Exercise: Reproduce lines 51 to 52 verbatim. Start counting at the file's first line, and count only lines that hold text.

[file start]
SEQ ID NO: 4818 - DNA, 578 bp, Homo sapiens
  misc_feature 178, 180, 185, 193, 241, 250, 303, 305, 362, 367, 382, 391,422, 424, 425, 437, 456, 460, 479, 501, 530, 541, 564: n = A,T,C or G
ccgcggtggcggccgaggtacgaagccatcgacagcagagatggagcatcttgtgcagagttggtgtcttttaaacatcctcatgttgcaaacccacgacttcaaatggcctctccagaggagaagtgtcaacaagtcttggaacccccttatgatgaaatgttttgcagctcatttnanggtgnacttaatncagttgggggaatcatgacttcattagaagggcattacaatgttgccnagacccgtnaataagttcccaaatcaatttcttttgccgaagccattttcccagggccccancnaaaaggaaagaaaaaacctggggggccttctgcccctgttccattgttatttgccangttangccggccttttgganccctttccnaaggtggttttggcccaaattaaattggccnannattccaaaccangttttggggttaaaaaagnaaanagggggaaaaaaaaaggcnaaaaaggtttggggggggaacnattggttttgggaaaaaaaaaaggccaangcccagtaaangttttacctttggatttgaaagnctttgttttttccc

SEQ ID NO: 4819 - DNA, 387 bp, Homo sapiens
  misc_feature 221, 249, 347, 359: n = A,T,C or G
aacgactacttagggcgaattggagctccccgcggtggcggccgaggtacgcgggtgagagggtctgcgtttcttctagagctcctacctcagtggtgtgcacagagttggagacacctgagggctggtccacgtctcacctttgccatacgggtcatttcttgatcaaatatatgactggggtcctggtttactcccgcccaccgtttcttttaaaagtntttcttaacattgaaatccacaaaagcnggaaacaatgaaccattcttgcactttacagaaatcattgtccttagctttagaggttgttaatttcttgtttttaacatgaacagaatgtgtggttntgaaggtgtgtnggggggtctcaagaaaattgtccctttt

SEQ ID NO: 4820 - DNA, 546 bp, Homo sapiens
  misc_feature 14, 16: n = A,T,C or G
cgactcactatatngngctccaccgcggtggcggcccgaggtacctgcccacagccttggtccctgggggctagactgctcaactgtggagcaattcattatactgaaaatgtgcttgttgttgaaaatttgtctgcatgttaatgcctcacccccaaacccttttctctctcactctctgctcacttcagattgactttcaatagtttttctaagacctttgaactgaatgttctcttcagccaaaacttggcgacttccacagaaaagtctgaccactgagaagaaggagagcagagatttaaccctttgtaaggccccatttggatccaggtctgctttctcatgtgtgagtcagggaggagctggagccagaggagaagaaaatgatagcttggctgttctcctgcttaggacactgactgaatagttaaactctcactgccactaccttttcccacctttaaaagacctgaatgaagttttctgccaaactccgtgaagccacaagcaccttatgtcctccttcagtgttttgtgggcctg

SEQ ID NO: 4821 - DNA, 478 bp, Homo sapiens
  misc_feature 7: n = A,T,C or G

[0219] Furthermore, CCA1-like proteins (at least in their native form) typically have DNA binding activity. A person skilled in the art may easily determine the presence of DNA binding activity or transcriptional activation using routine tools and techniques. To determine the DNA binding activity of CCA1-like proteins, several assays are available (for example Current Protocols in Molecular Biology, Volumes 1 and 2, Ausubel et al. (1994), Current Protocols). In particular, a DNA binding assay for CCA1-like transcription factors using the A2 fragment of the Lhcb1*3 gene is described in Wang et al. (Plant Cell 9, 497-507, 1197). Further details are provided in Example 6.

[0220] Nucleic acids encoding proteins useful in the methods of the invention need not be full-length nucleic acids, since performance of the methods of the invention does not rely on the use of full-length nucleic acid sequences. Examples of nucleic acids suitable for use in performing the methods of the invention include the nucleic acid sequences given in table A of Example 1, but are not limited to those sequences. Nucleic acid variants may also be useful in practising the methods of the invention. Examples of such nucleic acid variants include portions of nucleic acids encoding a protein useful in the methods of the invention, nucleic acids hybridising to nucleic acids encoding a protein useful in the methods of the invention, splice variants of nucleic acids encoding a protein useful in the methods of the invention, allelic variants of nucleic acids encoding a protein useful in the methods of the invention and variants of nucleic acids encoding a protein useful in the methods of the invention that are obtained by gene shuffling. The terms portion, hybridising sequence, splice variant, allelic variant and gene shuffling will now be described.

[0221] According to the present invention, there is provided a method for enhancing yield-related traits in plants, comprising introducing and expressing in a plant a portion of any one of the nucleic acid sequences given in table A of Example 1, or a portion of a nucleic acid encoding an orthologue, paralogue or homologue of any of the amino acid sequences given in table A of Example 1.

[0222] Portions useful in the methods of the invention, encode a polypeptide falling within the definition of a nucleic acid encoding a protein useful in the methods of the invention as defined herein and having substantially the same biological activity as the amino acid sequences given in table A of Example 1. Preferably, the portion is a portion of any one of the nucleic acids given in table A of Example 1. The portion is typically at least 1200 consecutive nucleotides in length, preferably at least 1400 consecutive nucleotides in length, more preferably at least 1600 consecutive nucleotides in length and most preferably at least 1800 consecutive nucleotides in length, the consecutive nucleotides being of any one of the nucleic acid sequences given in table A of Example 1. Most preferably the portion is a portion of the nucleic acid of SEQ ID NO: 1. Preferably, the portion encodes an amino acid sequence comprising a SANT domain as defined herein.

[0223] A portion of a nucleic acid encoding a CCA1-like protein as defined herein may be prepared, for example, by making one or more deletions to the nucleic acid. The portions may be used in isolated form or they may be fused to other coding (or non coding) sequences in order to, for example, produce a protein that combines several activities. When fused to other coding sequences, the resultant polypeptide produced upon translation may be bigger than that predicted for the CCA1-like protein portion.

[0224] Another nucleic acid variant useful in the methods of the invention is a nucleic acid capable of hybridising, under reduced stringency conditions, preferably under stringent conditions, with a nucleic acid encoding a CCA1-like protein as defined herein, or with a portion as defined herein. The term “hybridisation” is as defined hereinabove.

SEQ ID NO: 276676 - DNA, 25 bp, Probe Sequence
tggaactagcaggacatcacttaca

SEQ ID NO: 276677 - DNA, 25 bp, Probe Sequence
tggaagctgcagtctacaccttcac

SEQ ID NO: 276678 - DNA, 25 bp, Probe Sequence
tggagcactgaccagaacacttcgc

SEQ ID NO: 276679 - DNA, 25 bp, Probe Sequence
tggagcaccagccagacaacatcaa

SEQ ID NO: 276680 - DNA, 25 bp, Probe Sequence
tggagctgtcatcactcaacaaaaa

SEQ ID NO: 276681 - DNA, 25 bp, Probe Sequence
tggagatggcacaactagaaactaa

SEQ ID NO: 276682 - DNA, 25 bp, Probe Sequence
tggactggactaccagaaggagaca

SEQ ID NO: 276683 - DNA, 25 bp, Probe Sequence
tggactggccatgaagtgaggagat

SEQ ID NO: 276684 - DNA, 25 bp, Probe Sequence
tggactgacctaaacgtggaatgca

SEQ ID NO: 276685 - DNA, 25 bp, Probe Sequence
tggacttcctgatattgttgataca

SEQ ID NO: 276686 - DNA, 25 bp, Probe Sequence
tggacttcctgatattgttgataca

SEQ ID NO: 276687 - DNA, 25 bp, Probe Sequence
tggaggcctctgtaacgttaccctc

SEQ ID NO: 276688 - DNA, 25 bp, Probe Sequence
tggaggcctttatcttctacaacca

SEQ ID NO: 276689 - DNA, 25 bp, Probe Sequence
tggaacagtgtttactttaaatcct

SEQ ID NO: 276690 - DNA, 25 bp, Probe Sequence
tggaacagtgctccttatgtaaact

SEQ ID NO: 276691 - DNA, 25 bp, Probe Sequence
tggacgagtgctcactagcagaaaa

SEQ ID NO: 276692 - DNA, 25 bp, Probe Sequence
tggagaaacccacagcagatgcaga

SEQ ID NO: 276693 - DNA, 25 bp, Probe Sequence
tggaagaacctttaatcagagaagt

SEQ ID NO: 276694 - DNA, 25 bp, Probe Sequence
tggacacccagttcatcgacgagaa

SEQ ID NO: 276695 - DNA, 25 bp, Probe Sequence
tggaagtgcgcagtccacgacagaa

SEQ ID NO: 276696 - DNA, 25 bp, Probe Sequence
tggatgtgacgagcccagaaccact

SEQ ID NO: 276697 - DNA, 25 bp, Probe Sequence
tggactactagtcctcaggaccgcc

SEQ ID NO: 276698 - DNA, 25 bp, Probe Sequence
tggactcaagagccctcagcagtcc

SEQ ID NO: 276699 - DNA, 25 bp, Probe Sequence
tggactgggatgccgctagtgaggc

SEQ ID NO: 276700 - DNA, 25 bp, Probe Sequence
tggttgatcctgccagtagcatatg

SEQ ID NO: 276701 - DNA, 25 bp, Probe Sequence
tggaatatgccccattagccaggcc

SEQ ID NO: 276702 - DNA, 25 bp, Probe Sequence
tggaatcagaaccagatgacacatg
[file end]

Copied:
tggagaaacccacagcagatgcaga

SEQ ID NO: 276693 - DNA, 25 bp, Probe Sequence